Nigeria schoolgirl abductions: Protest leader detained

Protesters in Abuja on 30 April Protests have been held across Nigeria, demanding more action to rescue the girls

A woman leading protests over the abduction of more than 200 girls in Nigeria has been detained on the orders of the president's wife, activists say.

Naomi Mutah took part in a meeting called by First Lady Patience Jonathan and was then taken to a police station, they say.

Mrs Jonathan reportedly felt slighted that the mothers of the abducted girls had sent Ms Mutah to the meeting.

Analysts say Mrs Jonathan is a politically powerful figure.

Ms Mutah, a representative of the Chibok community where the girls were seized from their school more than two weeks ago, last week organised a protest outside parliament in the capital, Abuja.

The protesters, and many Nigerians, feel the government has not done enough to find the missing girls, who are thought to have been kidnapped by militant Islamist group Boko Haram.

Boko Haram has not commented on the accusation.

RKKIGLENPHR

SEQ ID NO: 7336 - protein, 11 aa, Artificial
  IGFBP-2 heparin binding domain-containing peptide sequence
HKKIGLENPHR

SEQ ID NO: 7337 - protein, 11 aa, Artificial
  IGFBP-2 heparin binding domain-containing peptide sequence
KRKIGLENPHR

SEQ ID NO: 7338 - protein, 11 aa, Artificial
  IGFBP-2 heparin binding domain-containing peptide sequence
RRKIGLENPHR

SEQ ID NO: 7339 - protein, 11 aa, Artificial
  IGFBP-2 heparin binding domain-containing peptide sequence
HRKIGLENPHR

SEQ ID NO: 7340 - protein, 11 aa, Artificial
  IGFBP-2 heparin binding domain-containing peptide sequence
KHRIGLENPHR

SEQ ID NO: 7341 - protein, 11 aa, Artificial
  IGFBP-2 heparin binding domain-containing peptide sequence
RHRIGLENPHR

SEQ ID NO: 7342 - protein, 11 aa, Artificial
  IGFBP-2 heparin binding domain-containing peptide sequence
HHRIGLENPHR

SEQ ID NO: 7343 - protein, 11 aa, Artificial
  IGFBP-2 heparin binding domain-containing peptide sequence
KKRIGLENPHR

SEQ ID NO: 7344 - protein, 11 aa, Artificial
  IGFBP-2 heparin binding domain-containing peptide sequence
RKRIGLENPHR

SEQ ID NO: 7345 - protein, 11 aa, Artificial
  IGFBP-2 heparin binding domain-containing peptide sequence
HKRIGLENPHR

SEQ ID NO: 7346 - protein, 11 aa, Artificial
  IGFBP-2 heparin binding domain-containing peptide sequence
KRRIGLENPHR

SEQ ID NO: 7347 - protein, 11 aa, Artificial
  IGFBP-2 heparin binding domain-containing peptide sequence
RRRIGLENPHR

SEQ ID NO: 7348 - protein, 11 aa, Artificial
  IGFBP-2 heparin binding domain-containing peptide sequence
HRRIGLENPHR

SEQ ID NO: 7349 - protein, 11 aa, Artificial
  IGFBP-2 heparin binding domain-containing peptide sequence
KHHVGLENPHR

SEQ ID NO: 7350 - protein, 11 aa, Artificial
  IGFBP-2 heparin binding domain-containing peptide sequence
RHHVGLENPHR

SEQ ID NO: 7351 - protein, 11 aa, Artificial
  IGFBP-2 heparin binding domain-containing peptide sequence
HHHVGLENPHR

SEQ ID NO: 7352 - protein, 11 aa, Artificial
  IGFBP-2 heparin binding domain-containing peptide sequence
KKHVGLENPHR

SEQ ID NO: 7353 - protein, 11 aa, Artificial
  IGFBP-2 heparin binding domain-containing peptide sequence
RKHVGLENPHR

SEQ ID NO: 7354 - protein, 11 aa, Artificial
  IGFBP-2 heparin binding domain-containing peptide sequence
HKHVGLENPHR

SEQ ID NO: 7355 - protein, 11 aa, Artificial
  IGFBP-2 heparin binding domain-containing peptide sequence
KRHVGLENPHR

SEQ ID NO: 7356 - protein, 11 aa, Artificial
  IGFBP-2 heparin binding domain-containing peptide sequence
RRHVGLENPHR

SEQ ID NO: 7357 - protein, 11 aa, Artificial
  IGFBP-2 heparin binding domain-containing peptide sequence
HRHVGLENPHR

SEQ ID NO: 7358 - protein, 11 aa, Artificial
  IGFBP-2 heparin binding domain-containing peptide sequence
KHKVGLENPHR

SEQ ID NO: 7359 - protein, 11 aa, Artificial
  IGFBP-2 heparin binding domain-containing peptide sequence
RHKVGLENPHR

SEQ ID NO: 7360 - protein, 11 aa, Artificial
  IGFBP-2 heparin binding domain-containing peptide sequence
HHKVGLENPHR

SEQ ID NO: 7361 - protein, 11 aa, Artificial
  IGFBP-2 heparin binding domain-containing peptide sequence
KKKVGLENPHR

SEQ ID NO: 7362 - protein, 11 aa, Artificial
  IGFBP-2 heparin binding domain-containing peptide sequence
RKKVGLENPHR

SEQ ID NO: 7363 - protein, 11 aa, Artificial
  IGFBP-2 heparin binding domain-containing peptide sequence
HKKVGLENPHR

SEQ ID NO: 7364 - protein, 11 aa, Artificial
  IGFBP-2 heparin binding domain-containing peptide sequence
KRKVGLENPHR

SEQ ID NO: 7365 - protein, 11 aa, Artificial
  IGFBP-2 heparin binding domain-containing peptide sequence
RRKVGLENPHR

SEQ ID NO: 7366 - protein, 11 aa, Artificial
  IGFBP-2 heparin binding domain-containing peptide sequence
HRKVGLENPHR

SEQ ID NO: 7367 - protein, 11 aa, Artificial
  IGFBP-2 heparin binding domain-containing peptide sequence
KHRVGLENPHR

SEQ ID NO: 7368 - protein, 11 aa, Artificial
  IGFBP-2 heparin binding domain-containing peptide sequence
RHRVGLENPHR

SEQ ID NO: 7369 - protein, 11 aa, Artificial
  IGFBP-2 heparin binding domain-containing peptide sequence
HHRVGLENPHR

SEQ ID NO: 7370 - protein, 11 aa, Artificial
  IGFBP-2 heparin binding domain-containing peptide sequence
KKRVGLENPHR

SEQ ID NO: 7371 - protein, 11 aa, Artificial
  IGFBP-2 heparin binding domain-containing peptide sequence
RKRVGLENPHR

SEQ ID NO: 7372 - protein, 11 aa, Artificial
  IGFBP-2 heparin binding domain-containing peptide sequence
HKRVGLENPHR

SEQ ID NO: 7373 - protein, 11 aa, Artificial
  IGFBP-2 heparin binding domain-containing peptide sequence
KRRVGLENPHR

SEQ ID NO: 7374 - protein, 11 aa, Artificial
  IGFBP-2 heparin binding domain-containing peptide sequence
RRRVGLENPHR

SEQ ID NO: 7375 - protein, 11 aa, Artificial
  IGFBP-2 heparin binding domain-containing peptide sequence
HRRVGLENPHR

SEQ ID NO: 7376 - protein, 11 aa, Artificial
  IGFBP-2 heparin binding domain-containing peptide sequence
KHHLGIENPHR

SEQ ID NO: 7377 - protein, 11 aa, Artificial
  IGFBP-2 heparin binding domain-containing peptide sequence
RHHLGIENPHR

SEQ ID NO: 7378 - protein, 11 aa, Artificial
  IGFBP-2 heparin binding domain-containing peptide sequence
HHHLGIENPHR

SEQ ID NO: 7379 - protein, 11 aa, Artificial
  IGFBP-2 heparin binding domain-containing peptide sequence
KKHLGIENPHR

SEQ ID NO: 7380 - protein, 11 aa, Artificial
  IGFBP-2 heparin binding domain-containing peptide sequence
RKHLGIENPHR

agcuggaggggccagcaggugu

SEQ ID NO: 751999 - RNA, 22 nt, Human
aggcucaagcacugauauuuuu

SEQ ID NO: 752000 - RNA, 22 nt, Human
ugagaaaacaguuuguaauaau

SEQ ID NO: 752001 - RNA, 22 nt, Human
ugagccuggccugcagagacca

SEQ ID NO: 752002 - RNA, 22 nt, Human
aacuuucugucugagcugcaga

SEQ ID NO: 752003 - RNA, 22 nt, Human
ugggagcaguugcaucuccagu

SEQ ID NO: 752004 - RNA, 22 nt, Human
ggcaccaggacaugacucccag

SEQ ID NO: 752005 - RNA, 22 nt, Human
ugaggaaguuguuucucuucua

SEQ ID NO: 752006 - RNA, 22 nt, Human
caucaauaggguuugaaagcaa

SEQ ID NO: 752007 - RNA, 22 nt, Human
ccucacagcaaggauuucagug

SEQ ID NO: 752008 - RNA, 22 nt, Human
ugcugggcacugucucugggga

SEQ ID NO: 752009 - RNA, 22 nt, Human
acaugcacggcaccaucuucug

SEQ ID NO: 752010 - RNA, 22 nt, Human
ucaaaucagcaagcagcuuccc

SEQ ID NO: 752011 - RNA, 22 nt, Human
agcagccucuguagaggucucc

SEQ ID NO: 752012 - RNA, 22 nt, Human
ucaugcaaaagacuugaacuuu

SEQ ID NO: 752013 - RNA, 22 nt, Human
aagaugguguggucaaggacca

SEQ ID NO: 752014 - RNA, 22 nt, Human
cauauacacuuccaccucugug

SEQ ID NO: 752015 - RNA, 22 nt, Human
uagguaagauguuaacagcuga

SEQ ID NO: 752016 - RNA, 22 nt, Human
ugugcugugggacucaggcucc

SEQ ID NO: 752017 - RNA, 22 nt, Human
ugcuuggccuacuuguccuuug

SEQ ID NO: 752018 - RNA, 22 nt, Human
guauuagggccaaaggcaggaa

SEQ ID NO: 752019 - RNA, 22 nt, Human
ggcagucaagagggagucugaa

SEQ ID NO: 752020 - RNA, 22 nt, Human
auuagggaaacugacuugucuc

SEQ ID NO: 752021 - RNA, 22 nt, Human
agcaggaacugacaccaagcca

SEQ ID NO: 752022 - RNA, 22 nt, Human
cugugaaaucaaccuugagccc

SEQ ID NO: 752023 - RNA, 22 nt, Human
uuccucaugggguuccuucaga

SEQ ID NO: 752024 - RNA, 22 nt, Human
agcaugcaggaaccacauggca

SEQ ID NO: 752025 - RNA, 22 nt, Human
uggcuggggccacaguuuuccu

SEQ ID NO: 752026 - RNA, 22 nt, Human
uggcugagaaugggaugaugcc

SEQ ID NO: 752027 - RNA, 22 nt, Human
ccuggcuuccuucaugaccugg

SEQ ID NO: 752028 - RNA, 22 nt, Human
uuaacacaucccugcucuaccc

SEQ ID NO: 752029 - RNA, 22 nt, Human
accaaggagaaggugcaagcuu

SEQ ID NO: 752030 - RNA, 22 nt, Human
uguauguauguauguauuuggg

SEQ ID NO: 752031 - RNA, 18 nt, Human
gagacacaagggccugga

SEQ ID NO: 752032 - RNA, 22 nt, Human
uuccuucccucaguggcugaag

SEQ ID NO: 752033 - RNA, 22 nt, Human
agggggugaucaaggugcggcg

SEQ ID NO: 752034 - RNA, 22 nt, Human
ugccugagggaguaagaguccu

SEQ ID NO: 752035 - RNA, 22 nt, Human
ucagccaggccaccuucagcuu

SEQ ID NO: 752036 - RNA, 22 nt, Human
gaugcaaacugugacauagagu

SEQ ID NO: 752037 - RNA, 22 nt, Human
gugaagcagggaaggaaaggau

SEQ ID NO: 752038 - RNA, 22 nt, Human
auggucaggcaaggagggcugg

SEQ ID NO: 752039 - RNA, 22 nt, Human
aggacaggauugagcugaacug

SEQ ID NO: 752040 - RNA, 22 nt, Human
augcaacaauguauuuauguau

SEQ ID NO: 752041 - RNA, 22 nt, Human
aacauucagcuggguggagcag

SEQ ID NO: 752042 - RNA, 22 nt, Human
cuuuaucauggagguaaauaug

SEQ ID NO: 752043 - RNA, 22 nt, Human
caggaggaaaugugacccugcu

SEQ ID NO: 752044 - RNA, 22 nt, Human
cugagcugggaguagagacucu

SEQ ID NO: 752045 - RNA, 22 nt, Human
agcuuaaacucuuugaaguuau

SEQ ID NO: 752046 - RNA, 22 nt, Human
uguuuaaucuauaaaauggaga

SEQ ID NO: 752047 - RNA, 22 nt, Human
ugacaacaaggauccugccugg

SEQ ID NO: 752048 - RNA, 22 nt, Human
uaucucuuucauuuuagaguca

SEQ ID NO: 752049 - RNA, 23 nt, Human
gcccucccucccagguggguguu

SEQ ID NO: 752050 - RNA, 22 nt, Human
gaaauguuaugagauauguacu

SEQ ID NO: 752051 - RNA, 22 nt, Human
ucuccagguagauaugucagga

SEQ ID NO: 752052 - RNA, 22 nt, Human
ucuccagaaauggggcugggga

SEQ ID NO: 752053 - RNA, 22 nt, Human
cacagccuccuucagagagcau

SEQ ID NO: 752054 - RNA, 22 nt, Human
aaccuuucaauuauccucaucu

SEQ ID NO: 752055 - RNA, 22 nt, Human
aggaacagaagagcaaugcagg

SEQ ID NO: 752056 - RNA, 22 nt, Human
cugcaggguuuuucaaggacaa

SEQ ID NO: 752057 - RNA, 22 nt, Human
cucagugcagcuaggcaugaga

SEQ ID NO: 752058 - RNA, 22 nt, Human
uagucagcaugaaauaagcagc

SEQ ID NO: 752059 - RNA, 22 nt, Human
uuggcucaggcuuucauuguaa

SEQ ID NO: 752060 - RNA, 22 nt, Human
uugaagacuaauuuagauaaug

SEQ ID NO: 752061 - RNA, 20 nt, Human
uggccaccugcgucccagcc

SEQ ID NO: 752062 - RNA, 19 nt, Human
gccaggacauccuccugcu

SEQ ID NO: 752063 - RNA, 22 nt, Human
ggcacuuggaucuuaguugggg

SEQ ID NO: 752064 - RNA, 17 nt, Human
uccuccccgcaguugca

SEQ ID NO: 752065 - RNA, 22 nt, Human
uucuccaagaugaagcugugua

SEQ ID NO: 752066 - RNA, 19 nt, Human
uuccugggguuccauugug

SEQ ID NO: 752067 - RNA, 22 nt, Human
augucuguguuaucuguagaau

President Goodluck Jonathan on Sunday night spoke for the first time about the abductions.

In a live TV broadcast, he said he did not know where the girls were but said everything was being done to find them.

President Goodluck Jonathan: "Wherever these girls are, we will surely get them out"

Pogo Bitrus, another Chibok community leader, told the BBC he had been to the Asokoro police station where Ms Mutah is reported to have been taken but could find no written record of her being there.

He described the detention as "unfortunate" and "insensitive".

He said he hoped Mrs Jonathan would soon "realise her mistake".

Mr Bitrus noted that Mrs Jonathan has no constitutional power to order arrests.

Mothers of the missing girls have been speaking to the BBC

The AP news agency quotes another community leader, Saratu Angus Ndirpaya, as saying that Mrs Jonathan accused the activists of fabricating the abductions to give the government a bad name.

She also said the First Lady accused them of supporting Boko Haram.

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